If you want to get really bitter about it, one could argue that Thomas Fec has made one hell of a career out of sounding like Thomas Fec.
While his standalone name may not ring any immediate bells, his two big projects—Tobacco and Black Moth Super Rainbow—certainly do. Thomas Fec is Tobacco, and Tobacco is the frontman of Black Moth Super Rainbow, who used to be called satanstompingcaterpillars, who used to ... well, the mythology of the group is long and full of elliptical loopholes of noise and enough gooey pop melodies to fill a candy store as run by Salvador Dali, but when the collective officially turned into BMSR in 2003, things started lining up for the group: they honed in on a very unique, vocoder-assisted brand of psychedelic electronic music that sounds like no other band out there right now. While certain detractors can accuse the band of continuing to release albums that sound remarkably similar to each other with only slight variations, the truth of the matter is that Fec and his comrades are slowly, surely turning out one heck of a career creating the hazy lullabies fit for aliens and stoners alike.
So while Cobra Juicy, the band’s first album since 2009’s slightly more subdued Eating Us, carries on riding the same lush, echo-drenched grooves that helped define the band’s greatest moments, there is a bit more of a bite this time out, as the band is unafraid to add in some harsher guitars this time round. Unfortunately, this is only for a few tracks, as the rest of Cobra Juicy sounds just like what you’d expect from a Black Moth Super Rainbow album—although there’s nothing wrong with that in the least.
Things open with the strutting “Windshield Smasher”, which is the aural approximation of the band smoking while wearing leather jackets, the unadorned electrics serving as a nice contrast to Fec’s perpetually-heavenly synth work. Continuing in that vein, “I Think I’m Evil” features the same trick but with a bit more of an edge to it, although try as they might, the group simply cannot shake their knack for a lush pop melody. Although the group sometimes uses these tricks to make their sometimes-abrasive lyrics go down smoothly (the mid-tempo “Hairspray Heart” sets a new personal record for the band in number of F-bombs dropped in one song), Fec’s lovesick poetry is still one of the most underappreciated aspects of BMSR’s sound, his lyrics often discounted simply because of his refusal to not use his trademark vocoder.
Yet even if this causes the occasional problem of the vocals sometimes blurring together, making it hard to fully differentiate certain songs from each other, the band continues to once again offer up a healthy amount of unique sonic diversions to keep things fresh. “Gangs in the Garden” is a marvelously funky workout (and the vocals take on a harsher, more robotic texture this time out, adding a new level of distinctiveness), “We Burn” sounds a lot like a Mellow Gold-era Beck track (which isn’t all that much of a stretch given Beck’s vocal contributions on the last Tobacco solo album), and, best of all, there’s “Psychic Love Damage”, which is one of the lightest, sweetest ballads the group has ever managed to pull off.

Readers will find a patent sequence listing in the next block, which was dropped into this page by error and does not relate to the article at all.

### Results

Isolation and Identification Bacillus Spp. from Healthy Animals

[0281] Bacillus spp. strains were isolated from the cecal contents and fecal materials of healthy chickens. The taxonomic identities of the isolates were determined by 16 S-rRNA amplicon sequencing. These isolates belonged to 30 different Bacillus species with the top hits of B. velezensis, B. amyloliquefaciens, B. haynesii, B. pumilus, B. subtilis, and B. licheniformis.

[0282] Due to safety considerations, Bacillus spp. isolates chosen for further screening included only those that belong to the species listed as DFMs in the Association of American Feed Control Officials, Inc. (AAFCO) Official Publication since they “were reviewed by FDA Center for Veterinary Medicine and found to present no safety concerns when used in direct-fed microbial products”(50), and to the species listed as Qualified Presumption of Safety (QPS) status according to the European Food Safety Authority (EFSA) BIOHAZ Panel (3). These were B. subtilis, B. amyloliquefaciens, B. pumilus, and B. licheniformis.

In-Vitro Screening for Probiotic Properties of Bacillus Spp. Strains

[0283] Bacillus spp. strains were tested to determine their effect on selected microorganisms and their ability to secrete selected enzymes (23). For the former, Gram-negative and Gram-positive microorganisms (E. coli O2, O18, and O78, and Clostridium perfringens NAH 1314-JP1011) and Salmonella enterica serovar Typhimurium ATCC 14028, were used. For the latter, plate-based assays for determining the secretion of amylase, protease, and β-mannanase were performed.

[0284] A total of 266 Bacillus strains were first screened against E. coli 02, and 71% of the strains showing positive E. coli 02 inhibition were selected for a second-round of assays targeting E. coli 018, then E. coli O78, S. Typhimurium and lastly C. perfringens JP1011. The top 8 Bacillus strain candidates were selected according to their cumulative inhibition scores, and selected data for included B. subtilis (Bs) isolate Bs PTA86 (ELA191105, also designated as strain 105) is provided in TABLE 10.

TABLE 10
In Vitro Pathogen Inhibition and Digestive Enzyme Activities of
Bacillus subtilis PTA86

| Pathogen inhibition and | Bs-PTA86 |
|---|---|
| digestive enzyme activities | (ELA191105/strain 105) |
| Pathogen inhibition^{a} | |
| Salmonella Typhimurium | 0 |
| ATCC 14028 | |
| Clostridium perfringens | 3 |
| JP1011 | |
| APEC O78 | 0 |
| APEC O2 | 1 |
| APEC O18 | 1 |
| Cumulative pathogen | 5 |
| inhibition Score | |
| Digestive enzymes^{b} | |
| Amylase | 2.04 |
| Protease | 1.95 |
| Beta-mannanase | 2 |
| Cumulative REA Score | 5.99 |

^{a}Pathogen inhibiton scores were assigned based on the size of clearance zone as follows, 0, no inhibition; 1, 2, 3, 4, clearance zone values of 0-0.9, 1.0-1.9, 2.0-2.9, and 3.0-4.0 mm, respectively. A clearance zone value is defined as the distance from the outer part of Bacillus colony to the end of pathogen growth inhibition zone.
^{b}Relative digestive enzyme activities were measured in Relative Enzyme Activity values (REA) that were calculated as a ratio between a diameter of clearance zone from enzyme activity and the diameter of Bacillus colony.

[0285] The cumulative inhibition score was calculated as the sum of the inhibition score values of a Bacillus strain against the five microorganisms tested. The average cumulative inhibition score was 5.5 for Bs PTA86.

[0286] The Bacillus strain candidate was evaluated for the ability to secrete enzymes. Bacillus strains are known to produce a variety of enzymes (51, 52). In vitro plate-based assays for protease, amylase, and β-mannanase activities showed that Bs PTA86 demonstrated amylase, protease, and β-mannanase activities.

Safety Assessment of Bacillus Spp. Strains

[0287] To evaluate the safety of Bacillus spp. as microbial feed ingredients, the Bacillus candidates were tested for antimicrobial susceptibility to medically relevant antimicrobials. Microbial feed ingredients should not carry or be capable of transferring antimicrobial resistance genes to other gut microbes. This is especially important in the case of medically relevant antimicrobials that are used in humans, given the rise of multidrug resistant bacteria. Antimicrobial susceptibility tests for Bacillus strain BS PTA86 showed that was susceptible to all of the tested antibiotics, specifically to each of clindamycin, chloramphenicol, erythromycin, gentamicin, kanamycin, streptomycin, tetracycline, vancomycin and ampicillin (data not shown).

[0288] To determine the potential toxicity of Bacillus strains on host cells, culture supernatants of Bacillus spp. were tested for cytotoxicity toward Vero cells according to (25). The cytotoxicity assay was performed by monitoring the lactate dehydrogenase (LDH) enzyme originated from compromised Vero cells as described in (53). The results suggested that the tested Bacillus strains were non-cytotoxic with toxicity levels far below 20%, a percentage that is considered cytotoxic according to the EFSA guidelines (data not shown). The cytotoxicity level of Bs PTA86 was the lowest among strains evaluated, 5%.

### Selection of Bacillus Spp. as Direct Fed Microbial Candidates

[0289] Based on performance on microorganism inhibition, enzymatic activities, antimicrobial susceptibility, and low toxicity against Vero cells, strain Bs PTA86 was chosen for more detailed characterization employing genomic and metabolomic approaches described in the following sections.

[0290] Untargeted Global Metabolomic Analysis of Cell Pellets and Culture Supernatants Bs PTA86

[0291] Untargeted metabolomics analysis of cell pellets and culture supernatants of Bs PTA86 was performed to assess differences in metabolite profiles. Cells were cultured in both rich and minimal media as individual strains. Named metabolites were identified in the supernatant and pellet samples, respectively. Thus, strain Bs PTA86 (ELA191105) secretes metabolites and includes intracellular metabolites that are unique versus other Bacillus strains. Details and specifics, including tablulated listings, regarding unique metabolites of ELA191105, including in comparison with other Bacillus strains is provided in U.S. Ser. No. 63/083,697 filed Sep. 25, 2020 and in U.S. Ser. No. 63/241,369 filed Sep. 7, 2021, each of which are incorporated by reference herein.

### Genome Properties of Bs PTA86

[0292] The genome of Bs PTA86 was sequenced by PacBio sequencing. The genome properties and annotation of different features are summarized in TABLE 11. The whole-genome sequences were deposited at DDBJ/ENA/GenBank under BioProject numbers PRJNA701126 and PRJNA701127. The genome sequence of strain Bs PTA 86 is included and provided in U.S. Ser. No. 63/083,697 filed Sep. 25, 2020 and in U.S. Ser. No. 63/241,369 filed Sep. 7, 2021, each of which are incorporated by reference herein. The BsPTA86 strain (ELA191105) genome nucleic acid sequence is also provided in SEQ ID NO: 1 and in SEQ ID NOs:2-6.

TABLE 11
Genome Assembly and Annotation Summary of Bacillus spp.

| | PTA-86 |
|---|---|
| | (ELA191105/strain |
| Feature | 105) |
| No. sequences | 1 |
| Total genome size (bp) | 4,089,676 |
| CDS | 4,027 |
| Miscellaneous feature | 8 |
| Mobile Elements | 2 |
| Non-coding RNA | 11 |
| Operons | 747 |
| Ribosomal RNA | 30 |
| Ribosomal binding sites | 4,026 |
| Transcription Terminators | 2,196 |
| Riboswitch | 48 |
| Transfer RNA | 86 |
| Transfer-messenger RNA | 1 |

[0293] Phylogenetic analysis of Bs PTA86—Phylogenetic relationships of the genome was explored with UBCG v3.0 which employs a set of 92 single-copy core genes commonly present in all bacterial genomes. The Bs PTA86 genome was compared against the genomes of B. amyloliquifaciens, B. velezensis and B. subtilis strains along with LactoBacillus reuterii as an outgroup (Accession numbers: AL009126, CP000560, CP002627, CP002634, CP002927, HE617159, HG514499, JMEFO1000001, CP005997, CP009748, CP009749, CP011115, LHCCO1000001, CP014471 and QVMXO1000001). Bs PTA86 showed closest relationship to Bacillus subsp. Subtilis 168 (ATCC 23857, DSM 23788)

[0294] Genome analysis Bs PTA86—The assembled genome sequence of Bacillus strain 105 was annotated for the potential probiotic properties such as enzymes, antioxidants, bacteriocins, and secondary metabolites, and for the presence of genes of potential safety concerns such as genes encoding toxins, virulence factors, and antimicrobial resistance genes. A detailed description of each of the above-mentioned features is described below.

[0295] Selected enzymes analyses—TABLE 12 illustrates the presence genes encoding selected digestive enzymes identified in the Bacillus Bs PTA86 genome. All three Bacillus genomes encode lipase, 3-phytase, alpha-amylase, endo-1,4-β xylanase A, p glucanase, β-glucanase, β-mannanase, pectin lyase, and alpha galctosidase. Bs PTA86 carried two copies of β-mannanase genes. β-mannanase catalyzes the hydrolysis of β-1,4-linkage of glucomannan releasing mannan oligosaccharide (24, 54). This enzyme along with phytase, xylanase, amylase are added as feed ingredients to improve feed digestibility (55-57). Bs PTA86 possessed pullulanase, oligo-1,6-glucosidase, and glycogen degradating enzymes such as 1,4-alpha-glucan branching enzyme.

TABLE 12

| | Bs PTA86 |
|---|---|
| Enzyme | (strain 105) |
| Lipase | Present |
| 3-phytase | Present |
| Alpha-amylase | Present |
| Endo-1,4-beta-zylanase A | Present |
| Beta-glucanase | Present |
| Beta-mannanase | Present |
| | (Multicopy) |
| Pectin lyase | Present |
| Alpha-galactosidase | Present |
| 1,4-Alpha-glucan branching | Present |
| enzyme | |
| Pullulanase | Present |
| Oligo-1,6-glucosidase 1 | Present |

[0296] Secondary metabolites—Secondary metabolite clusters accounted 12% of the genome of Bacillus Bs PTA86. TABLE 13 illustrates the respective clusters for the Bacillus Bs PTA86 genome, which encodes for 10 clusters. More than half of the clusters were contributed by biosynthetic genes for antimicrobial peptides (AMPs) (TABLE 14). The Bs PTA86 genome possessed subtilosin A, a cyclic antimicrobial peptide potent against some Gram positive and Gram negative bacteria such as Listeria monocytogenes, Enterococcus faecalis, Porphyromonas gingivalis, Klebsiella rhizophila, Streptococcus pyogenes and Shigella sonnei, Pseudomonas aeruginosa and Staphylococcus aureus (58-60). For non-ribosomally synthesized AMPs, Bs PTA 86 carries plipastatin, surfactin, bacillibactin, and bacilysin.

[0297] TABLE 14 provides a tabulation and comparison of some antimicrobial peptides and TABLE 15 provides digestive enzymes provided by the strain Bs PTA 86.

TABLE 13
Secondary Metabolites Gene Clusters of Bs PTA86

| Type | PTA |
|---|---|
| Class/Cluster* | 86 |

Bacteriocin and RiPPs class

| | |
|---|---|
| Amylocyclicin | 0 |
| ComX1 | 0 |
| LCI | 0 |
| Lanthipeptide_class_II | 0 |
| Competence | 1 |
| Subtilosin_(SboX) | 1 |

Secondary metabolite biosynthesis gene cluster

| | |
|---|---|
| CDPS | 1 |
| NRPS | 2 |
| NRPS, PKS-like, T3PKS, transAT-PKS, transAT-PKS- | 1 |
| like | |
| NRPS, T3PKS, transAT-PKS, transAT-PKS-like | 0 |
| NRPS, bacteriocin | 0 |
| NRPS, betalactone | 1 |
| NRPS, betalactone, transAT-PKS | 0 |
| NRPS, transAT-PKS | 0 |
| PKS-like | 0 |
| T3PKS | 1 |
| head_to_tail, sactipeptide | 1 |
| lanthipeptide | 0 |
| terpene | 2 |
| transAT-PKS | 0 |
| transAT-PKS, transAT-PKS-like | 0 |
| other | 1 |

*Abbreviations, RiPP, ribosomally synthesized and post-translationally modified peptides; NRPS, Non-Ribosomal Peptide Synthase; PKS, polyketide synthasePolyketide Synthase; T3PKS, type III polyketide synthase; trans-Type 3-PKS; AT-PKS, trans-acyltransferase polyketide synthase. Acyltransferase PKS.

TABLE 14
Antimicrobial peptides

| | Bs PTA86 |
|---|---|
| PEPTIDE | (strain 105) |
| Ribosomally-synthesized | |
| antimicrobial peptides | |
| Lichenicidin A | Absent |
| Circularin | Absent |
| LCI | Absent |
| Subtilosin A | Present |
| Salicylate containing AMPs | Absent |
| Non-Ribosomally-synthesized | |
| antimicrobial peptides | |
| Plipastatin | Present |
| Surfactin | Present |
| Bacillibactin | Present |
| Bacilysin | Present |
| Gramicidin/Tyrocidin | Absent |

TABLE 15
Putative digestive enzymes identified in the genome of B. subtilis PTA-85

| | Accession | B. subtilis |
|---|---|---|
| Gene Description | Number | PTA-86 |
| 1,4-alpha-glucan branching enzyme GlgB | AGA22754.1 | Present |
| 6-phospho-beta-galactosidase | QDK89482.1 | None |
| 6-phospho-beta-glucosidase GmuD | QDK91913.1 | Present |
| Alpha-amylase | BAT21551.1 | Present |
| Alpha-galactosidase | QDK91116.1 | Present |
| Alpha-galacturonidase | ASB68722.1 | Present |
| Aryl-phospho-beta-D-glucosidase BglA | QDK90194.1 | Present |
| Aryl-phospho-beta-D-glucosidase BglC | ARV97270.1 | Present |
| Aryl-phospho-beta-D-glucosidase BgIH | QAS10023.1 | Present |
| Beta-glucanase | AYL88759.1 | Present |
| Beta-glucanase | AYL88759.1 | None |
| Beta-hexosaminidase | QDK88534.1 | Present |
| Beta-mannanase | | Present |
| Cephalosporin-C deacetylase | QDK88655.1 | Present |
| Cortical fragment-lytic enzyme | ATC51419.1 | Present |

Of course, there are still a lot of tracks on Cobra Juicy that sound like they could fit on almost any era of BMSR. “Blurring My Day” and the anticlimactic closer “Spraypaint” come to mind, but even with that said, none of these songs are out-and-out bad, they’re just generic: unmistakably BMSR but indistinct in their large body of work.
So while Cobra Juicy does offer fans a few new elements to what has become the group’s trademark sound, BMSR’s aesthetic is largely unchanged—they’re still the psychedelic synth-rockers you know and love, and while Cobra Juicy does occasionally flirt with the extraordinary, it ultimately settles for just being “quite good.” While some may bicker and argue over that fact, there is nothing inherently wrong with it, as sometimes you just want your Black Moth Super Rainbow to sound like Black Moth Super Rainbow.
- "The Runner" Soundcloud
// Sound Affects
"The man whose songs were recorded by Johnny Cash, Alan Jackson, Ricky Skaggs, David Allan Coe, The Highwaymen, and countless others succumbs to time’s cruel cue that the only token of permanence we have to offer are the effects of shared moments and memories.READ the article